How did you find your passion for photography? I took my first photograph when I was thirteen years old. It was of my brother, who is a musician and my biggest muse. He had just come from New York, and he had this drag persona, Cristal Snow. He was wearing makeup and my mother’s old dress, lying at our summer cottage table. I remember him looking at the pictures and saying, “These are actually really good.” That is my first memory of getting excited about photography.
When I was sixteen years old, I got hooked on social media. I started taking photos of myself and putting them on the internet. My generation is the first generation that could upload pictures of themselves to the web and look for acceptance through selfies. After high school, I applied to art school to study photography.
By the age of sixteen, you were performing as a backup dancer for drag queens. How has your experience with drag culture shaped your current work? My memories of being surrounded by drag queens has created a whole creative side of me. It’s the base for everything I do and create. That experience sparked my interest in gender, sexuality and subcultures. The environment was free, and it was very unique to see this expression and celebration of gender up close. Of course, I also saw the darker side of the industry, like drugs, but I think that also made me curious about people and to see the vulnerability of humans.
What drew you to begin directing? Universal Music Group called me to ask if I could direct a music video for a Finnish female artist in the style of my photos, which are like me—confrontational and rebellious, but also vulnerable and fragile at the same time. I didn’t hesitate at all. I was ready. Even though I didn’t have experience directing, when I was younger, I had been on sets with my brother when his music videos were made by director Misko Iho. I saw what directing is all about. I remember that I was super fascinated about Misko’s presence as a director—how he had the power to see and keep control. I also learned that sets are not glamorous like people think they are—they include long hours, cold weather and waiting.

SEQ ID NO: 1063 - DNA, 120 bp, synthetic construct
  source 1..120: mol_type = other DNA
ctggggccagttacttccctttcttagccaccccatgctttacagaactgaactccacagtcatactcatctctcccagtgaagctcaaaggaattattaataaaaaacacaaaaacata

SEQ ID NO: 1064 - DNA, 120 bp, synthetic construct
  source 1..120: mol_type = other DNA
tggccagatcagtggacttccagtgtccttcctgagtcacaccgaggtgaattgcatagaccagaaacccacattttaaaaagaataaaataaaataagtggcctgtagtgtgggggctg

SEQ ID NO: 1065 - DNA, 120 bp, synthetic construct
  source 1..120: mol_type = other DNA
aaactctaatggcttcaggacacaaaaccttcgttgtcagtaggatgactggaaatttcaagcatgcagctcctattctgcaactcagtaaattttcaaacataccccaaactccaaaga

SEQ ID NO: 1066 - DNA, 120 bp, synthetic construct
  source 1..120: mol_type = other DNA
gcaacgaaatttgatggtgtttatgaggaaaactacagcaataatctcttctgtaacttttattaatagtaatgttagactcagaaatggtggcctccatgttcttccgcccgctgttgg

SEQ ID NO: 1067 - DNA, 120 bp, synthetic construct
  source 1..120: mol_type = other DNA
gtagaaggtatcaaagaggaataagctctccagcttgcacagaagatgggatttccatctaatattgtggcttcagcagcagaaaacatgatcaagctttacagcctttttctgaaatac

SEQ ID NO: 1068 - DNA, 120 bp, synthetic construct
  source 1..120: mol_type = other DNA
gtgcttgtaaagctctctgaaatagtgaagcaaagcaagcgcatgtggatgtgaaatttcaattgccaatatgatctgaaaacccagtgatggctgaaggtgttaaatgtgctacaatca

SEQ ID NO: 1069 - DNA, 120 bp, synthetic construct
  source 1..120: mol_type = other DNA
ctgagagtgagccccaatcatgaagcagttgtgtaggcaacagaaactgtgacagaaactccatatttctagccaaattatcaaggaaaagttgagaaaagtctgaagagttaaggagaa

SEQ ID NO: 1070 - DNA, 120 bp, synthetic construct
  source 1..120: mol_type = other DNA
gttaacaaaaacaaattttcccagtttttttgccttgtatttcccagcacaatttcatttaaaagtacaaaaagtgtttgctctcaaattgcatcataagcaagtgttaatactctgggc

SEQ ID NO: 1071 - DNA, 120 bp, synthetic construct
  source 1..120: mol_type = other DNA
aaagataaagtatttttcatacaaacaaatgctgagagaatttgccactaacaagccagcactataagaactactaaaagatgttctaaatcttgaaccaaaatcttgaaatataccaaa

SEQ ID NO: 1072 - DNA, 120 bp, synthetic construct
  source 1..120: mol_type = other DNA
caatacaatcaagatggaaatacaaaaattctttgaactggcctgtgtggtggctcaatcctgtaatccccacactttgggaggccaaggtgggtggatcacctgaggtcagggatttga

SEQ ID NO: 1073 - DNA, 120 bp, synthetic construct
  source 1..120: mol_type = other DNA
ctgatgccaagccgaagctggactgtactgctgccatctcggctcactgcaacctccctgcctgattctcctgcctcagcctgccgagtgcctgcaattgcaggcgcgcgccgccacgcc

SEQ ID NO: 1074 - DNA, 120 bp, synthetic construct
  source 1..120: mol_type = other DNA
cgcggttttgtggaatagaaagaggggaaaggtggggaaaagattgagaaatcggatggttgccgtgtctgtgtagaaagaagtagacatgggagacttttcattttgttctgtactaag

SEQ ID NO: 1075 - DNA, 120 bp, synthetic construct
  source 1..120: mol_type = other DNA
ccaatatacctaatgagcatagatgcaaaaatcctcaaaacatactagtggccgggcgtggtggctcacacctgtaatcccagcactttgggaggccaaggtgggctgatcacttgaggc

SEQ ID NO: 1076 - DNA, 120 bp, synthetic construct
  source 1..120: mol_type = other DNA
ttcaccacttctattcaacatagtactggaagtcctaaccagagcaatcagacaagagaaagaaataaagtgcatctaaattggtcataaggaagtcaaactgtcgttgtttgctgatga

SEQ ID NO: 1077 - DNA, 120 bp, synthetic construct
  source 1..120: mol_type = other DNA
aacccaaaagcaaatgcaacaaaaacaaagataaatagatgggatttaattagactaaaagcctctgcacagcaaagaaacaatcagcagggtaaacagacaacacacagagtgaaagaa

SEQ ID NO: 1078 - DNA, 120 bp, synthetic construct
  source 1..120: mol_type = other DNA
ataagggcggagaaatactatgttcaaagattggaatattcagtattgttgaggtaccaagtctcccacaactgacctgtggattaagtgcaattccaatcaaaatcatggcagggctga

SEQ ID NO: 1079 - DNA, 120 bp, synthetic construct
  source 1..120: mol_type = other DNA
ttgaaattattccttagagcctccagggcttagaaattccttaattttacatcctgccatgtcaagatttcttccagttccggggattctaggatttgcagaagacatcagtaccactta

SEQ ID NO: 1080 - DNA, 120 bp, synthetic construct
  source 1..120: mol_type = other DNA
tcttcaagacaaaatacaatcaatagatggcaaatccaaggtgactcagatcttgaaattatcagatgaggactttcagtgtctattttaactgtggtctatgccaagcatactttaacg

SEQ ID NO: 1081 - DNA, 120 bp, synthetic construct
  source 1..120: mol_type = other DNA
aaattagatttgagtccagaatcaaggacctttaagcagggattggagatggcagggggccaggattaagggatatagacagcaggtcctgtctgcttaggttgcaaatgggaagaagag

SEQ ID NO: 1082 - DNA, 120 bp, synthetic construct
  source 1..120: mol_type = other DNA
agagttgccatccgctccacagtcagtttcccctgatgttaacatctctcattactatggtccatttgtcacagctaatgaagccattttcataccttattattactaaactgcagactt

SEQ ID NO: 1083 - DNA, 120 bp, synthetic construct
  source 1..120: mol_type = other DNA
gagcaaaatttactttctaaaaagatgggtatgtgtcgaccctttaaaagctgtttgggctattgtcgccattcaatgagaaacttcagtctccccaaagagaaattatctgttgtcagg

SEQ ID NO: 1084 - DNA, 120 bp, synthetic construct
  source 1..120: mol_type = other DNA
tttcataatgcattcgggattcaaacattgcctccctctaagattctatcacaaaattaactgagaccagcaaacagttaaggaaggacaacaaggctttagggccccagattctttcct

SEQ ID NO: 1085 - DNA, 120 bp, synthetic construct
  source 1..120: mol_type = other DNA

What additional lessons did you need to learn in order to make the leap into directing? You have to be hungry, do a lot of work and be able to make quick decisions. And don’t be late, or other people will underestimate you.
What tips do you have for succeeding as a female director? Don’t let anybody push you down.
Your work explores gender, femininity and the representation of the female figure in modern media. How do you feel about the way the female figure is being represented in modern media? And how does your work respond to that? With my work as an artist, I try to point out what is false in our society and the system.
We still have too many conventional structures of femininity in our media. In the ’80s, MTV created this standard representation of the female body in videos. The fact that most of those music videos and movies were directed by men created this base that objectified the female body and sexuality. Now, we are fighting against that norm.
Some people are calling this new wave of female power a trend in the commercial market, but I see it purely as a new beginning of our time. Embrace the power of females and gender diversity.
What do you think the relationship is between photography and body activism? Photography is the perfect tool to empower the beauty of gender and of all body shapes. People don’t always see the beauty in themselves.
What advice would you give to creatives who want to represent gender respectfully in their work? Speak from your heart.